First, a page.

Research Article: Genetic Diversity and Microevolution of Burkholderia pseudomallei in the Environment

Date Published: February 20, 2008

Publisher: Public Library of Science

Author(s): Narisara Chantratita, Vanaporn Wuthiekanun, Direk Limmathurotsakul, Mongkol Vesaratchavest, Aunchalee Thanwisai, Premjit Amornchai, Sarinna Tumapa, Edward J. Feil, Nicholas P. Day, Sharon J. Peacock, Bart Currie

Abstract: BackgroundThe soil dwelling Gram-negative pathogen Burkholderia pseudomallei is the cause of melioidosis. The diversity and population structure of this organism in the environment is poorly defined.Methods and FindingsWe undertook a study of B. pseudomallei in soil sampled from 100 equally spaced points within 237.5 m2 of disused land in northeast Thailand. B. pseudomallei was present on direct culture of 77/100 sampling points. Genotyping of 200 primary plate colonies from three independent sampling points was performed using a combination of pulsed field gel electrophoresis (PFGE) and multilocus sequence typing (MLST). Twelve PFGE types and nine sequence types (STs) were identified, the majority of which were present at only a single sampling point. Two sampling points contained four STs and the third point contained three STs. Although the distance between the three sampling points was low (7.6, 7.9, and 13.3 meters, respectively), only two STs were present in more than one sampling point. Each of the three samples was characterized by the localized expansion of a single B. pseudomallei clone (corresponding to STs 185, 163, and 93). Comparison of PFGE and MLST results demonstrated that two STs contained strains with variable PFGE banding pattern types, indicating geographic structuring even within a single MLST-defined clone.ConclusionsWe discuss the implications of this extreme structuring of genotype and genotypic frequency in terms of micro-evolutionary dynamics and ecology, and how our results may inform future sampling strategies.

Partial Text: The soil dwelling Gram-negative bacterium Burkholderia pseudomallei is the cause of melioidosis. This organism is present in the environment across much of southeast Asia and Northern Australia and is increasingly recognised elsewhere, including parts of South America [1],[2]. Infection occurs through bacterial inoculation and contamination of wounds, and more rarely by inhalation and ingestion [1],[3]. Environmental sampling underpins efforts to define the global distribution of B. pseudomallei in soil, and the associated geographic distribution of risk to humans and livestock. Sampling is also performed during the investigation of suspected outbreaks, when bacterial genotyping is used to compare B. pseudomallei obtained from cases of melioidosis with strains from a specified environment or substance. Environmental sampling would also be required following the deliberate release of B. pseudomallei associated with bioterrorist activity. The accuracy of such studies depends on the detection of all of the B. pseudomallei genotypes present at a given site with the exception of those present at an extremely low frequency. Informed sampling strategies are also a prerequisite for meaningful comparisons between environmental isolates and those recovered from cases of disease in humans and animals, which provide an important means to identify clones with heightened virulence.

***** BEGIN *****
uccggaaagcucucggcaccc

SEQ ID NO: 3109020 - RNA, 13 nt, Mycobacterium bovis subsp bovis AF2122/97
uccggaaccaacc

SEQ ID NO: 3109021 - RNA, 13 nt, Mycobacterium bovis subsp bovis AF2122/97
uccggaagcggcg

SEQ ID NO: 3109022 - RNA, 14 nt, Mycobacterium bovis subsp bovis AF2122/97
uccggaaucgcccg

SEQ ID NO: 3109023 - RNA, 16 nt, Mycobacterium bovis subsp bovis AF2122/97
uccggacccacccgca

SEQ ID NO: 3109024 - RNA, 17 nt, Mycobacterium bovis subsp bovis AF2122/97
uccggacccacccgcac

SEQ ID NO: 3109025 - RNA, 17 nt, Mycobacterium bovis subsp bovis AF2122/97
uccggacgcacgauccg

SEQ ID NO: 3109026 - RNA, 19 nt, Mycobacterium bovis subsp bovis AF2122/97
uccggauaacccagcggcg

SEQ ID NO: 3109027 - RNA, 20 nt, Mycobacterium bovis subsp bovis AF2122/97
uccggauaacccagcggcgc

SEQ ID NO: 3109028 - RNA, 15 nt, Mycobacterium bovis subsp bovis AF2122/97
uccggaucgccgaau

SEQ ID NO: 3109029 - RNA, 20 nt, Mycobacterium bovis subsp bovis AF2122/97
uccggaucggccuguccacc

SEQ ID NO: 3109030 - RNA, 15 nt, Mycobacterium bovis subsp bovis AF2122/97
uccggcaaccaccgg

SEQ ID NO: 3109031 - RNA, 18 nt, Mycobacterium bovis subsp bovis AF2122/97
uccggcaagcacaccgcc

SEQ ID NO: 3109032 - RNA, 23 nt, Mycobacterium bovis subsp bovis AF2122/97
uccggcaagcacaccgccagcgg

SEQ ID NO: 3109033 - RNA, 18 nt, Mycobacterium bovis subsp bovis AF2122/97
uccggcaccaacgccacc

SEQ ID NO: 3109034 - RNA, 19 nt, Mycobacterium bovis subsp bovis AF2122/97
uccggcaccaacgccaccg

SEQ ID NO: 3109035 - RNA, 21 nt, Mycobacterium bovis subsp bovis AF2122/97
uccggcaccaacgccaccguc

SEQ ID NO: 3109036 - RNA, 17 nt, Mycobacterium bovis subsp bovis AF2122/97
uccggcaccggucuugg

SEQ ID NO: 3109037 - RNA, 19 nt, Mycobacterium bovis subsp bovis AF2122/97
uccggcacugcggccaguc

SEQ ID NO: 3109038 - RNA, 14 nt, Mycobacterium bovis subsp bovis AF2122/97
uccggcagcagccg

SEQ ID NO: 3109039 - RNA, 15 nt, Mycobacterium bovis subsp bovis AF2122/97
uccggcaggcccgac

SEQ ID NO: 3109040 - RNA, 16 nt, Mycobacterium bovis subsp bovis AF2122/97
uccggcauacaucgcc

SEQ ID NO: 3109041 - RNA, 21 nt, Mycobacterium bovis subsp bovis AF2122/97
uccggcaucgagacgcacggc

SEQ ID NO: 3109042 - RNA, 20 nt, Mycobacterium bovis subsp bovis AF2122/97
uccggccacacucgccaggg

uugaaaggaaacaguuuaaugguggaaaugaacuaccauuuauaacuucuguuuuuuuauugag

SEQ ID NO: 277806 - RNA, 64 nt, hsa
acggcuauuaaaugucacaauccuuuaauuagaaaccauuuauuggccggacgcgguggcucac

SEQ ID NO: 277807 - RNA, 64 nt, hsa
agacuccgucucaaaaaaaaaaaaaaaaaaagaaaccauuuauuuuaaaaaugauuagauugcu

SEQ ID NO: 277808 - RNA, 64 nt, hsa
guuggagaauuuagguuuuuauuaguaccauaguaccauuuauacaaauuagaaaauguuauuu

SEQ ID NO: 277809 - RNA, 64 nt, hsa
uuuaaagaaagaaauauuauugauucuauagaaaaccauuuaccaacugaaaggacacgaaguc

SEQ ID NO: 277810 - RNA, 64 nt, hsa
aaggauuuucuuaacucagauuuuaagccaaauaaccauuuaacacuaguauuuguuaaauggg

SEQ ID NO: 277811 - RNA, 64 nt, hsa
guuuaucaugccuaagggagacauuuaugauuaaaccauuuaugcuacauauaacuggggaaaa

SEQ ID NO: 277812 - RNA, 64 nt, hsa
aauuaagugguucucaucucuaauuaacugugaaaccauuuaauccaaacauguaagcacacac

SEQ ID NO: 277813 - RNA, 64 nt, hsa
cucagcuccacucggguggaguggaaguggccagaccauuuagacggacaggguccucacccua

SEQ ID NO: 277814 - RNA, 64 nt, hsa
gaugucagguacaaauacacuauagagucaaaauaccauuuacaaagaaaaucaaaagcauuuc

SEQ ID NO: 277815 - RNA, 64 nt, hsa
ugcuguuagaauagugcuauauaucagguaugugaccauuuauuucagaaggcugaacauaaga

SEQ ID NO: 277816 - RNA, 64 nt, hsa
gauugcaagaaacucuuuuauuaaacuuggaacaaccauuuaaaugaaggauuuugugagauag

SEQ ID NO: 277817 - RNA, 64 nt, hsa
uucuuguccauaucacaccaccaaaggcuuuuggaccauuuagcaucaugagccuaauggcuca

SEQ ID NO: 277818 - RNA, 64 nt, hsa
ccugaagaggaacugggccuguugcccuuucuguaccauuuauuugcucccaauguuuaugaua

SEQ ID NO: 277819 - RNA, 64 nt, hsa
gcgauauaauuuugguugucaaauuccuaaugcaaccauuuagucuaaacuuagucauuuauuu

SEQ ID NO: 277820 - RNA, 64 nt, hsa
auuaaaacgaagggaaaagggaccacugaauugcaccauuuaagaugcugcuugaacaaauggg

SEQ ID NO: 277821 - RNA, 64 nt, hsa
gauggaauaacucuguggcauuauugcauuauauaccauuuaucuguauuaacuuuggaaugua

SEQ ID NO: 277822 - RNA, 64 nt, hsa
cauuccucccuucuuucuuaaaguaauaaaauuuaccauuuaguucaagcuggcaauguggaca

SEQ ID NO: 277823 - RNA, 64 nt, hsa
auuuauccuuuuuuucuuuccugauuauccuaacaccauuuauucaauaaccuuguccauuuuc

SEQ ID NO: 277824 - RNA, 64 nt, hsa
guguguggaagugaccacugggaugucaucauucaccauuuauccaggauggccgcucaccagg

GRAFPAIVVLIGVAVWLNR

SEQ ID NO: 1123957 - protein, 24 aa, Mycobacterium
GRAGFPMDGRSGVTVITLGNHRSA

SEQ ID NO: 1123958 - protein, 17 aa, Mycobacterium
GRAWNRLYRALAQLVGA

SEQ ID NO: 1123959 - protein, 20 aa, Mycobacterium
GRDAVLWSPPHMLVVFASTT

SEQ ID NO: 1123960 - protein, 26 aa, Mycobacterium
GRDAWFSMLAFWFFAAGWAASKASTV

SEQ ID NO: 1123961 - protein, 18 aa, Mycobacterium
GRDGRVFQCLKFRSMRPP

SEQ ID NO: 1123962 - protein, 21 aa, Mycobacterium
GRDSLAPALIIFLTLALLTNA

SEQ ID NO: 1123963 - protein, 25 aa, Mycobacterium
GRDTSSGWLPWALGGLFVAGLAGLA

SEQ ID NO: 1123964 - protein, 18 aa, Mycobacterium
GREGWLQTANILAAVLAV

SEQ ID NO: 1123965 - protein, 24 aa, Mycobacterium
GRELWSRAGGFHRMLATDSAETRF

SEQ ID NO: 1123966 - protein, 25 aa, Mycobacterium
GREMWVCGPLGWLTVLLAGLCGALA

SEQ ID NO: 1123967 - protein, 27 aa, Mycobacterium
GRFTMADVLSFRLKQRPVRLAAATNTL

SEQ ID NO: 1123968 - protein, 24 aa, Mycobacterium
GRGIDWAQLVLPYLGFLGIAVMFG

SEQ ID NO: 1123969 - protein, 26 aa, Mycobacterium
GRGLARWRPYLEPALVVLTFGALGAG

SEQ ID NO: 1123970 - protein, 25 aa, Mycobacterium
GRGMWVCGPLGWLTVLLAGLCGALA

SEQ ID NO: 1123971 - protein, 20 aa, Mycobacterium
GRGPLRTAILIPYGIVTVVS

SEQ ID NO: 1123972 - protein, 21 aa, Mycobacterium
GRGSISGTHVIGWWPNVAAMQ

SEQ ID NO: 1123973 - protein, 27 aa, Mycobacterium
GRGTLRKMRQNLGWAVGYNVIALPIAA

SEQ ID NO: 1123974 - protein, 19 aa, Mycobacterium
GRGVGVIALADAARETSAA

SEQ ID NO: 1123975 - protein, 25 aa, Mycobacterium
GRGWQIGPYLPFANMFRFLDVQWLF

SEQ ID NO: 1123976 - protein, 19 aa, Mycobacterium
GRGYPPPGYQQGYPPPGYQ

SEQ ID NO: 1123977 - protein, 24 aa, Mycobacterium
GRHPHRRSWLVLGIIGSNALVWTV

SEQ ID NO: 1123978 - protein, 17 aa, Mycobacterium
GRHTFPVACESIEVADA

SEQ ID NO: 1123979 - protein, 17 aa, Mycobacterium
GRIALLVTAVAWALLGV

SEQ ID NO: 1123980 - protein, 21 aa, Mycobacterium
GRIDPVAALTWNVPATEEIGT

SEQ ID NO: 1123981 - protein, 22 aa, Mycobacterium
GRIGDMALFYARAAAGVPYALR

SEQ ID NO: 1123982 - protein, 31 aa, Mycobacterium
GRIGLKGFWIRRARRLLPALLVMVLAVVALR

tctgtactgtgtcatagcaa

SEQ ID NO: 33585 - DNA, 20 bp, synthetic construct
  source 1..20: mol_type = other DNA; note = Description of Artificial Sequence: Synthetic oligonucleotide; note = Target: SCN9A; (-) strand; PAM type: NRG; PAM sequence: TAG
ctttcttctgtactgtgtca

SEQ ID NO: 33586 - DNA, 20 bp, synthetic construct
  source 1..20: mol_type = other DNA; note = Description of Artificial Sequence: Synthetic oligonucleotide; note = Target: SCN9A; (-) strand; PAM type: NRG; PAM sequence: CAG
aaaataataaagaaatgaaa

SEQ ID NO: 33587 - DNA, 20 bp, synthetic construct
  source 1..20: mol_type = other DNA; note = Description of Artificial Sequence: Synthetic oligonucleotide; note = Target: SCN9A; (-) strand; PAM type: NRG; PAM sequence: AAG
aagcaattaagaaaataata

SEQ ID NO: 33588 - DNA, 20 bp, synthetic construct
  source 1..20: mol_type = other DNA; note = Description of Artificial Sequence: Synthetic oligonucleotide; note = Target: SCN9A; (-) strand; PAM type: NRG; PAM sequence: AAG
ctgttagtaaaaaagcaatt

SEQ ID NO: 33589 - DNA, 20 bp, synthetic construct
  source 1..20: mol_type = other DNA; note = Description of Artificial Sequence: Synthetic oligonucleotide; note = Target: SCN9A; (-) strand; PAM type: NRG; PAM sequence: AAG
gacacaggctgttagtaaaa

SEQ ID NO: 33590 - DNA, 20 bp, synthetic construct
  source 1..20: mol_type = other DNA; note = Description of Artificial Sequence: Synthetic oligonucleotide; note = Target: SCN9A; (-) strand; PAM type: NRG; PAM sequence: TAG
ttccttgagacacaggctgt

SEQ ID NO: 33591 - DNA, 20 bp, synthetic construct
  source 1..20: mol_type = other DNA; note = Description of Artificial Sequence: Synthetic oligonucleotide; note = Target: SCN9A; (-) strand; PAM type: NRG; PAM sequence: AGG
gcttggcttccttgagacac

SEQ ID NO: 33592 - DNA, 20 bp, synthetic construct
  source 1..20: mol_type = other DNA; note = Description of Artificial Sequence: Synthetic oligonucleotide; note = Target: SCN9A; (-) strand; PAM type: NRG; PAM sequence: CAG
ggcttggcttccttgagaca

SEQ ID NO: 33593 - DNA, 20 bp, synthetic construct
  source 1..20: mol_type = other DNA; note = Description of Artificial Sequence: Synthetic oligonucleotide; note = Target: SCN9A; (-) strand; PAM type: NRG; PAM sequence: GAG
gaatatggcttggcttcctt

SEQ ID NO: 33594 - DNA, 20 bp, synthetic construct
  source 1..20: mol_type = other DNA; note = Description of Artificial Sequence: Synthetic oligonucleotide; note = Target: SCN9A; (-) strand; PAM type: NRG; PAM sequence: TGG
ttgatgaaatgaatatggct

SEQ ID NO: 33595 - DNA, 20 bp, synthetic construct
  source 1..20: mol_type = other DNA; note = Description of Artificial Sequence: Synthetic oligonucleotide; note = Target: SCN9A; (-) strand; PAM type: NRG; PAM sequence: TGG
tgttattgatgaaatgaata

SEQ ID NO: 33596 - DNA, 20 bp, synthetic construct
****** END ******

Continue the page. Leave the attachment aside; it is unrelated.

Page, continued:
A total of 80 out of the 100 sampling points were culture positive for B. pseudomallei, of which 77 were positive from both direct plating onto Ashdown’s agar and selective enrichment broth, and 3 were positive from selective enrichment broth culture alone (Figure 1). B. thailandensis was not detected. The genetic variability of B. pseudomallei was defined and compared within and between sampling points by genotyping 200 colonies at each of three positive points (A11, D10 and E4, see Figure 1). PFGE of 600 individual primary colonies revealed 12 PFGE banding pattern types. MLST of a single random isolate of each of the 12 PFGE types revealed 9 distinct sequence types (STs) (Table 1).

This study has demonstrated marked geographic structuring of B. pseudomallei genotypes in soil. The dramatic differences in genotype frequency over such small distances are striking, but difficult to interpret. One explanation is that the numerically dominant ST at each sampling point represents a strain with superior biological fitness compared with STs present as a minority of the population. This could relate to factors such as soil type or pH, or competition with other microbial species. This would assume that adjacent foci of soil have variable microenvironments, but it seems unlikely that nearby sampling points within a confined area of disused land would differ sufficiently to support multiple, non-overlapping niches. An alternative possibility is that of local competition between clones of B. pseudomallei. Flooding or other disturbance mechanisms would provide the means for a given clone to migrate and become established within a specific plot. Once the clone has reached a certain threshold frequency, it could repel invaders either by the production of microbicides, through phage to which they themselves are resistant, or via other killing mechanisms. The presence of a clone as a minority population could represent the ability of this strain to survive at a lower level, or could represent the boundary of a point of predominance in an adjacent point or focus.

Source:

http://doi.org/10.1371/journal.pntd.0000182

 

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